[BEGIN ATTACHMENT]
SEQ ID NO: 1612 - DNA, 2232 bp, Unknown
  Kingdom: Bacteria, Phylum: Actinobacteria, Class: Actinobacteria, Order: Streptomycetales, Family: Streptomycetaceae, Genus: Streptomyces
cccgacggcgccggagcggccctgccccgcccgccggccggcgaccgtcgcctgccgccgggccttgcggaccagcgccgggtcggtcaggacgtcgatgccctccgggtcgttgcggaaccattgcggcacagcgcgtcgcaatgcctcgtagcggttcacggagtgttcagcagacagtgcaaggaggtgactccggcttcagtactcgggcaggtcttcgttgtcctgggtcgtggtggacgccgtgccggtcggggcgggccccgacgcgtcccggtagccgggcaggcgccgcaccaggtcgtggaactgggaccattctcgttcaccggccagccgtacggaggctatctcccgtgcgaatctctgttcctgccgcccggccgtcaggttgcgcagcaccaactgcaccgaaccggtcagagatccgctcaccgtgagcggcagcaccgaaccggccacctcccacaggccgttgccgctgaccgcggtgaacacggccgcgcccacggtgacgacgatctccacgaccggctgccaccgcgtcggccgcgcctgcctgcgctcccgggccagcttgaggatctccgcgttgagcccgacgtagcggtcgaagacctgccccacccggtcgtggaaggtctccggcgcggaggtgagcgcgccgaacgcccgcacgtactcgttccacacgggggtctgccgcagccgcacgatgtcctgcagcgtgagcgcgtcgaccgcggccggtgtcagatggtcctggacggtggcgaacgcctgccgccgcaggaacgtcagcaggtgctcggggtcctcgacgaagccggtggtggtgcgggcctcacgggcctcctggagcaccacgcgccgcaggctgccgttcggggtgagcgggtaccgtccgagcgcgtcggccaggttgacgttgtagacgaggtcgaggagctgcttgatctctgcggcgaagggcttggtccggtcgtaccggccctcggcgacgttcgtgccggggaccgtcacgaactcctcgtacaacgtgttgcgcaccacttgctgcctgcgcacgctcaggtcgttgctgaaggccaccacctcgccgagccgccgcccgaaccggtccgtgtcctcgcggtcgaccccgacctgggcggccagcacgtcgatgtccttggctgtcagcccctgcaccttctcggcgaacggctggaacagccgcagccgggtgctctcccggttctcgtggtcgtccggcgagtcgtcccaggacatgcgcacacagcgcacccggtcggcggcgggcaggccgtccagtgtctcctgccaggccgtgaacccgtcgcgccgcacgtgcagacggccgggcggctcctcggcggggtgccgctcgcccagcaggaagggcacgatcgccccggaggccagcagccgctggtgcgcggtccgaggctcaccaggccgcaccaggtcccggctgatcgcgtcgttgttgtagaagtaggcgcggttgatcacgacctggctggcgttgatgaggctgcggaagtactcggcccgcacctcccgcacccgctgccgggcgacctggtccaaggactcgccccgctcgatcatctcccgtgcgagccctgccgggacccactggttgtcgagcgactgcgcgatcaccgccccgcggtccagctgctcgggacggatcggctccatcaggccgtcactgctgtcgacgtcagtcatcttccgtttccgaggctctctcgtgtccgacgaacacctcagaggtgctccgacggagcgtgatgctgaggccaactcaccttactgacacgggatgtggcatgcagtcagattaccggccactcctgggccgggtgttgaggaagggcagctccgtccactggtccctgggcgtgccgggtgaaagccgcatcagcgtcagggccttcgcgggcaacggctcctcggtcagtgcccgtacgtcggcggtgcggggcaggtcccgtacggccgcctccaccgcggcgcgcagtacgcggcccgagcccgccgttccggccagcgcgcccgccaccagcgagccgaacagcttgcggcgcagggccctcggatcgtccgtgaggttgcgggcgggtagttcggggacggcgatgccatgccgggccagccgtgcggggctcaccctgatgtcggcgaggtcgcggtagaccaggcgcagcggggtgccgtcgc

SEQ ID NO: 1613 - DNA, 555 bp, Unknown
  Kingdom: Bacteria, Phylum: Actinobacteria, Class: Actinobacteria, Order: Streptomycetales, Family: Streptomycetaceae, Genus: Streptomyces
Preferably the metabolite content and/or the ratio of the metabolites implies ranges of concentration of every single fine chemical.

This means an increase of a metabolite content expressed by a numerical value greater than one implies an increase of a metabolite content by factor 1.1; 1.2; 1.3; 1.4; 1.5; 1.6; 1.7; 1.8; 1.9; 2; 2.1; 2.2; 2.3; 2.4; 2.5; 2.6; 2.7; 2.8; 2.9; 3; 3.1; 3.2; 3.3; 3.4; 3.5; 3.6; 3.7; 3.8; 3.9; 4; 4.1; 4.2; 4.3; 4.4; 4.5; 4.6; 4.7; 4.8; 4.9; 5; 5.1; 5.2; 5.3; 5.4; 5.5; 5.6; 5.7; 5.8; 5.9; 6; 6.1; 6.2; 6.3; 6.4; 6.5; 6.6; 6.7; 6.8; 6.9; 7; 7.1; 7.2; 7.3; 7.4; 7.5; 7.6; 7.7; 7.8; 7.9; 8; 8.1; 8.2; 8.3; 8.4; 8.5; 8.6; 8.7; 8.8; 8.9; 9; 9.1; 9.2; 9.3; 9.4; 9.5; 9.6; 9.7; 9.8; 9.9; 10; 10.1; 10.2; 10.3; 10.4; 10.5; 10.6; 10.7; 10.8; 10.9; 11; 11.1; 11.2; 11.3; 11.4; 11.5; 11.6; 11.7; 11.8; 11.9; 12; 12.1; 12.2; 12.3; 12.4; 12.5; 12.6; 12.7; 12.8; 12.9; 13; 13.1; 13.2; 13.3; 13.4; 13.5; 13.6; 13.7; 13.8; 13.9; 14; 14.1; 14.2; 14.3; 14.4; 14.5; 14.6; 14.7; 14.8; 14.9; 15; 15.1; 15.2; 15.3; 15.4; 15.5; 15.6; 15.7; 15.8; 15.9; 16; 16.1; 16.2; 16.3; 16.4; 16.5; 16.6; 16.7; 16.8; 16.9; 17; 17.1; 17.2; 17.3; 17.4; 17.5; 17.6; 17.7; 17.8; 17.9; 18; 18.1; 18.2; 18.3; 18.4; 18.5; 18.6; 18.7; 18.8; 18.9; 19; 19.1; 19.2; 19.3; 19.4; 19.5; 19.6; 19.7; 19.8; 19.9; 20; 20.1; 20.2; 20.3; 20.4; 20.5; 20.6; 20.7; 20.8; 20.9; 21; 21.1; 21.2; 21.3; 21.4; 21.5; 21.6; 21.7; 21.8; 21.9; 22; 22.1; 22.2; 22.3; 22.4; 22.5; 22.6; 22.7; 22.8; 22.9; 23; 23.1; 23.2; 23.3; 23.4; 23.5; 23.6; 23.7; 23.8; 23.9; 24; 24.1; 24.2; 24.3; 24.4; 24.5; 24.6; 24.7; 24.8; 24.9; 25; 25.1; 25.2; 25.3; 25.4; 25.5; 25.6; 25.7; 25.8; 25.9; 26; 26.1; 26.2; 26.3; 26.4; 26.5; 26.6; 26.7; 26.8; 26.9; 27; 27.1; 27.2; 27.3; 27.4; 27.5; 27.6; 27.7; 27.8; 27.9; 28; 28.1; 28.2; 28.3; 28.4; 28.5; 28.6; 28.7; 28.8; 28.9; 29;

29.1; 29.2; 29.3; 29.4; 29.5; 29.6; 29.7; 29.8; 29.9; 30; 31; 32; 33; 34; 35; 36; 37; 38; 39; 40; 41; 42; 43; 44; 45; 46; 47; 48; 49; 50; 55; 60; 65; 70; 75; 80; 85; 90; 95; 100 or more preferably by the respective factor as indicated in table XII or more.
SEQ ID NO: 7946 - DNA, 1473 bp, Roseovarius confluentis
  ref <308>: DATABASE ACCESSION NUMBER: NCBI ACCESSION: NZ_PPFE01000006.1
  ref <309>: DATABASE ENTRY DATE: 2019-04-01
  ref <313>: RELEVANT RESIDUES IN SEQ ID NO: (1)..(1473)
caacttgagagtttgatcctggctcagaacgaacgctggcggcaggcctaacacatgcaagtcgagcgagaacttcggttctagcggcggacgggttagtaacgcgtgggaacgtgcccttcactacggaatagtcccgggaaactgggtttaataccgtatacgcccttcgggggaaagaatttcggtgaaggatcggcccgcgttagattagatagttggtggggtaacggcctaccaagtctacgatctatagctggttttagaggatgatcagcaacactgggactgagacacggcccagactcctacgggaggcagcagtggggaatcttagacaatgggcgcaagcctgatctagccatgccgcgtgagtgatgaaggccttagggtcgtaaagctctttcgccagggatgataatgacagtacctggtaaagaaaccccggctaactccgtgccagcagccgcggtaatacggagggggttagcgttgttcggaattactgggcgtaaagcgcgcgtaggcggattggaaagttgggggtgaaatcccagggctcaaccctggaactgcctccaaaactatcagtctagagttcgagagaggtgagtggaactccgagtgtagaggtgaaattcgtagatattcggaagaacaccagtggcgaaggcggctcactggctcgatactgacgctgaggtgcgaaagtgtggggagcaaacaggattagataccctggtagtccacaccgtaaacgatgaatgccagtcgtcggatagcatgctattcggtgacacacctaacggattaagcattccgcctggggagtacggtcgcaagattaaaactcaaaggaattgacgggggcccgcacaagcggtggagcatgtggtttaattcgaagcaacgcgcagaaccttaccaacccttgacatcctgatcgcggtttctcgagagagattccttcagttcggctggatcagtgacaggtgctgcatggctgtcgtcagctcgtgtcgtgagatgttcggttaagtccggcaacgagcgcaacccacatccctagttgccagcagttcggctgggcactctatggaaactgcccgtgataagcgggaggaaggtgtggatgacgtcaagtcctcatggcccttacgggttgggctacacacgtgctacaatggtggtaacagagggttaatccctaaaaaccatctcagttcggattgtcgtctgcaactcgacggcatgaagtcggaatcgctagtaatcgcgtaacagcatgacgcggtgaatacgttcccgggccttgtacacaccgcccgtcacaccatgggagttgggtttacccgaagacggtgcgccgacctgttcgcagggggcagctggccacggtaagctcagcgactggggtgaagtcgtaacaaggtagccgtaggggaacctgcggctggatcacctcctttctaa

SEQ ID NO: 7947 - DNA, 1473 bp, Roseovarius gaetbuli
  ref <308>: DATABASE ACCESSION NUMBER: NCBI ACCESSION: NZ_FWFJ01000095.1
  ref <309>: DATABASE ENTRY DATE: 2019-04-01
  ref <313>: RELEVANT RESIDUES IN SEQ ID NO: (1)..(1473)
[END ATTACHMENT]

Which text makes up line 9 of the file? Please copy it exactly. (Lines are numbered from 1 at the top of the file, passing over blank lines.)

SEQ ID NO: 7946 - DNA, 1473 bp, Roseovarius confluentis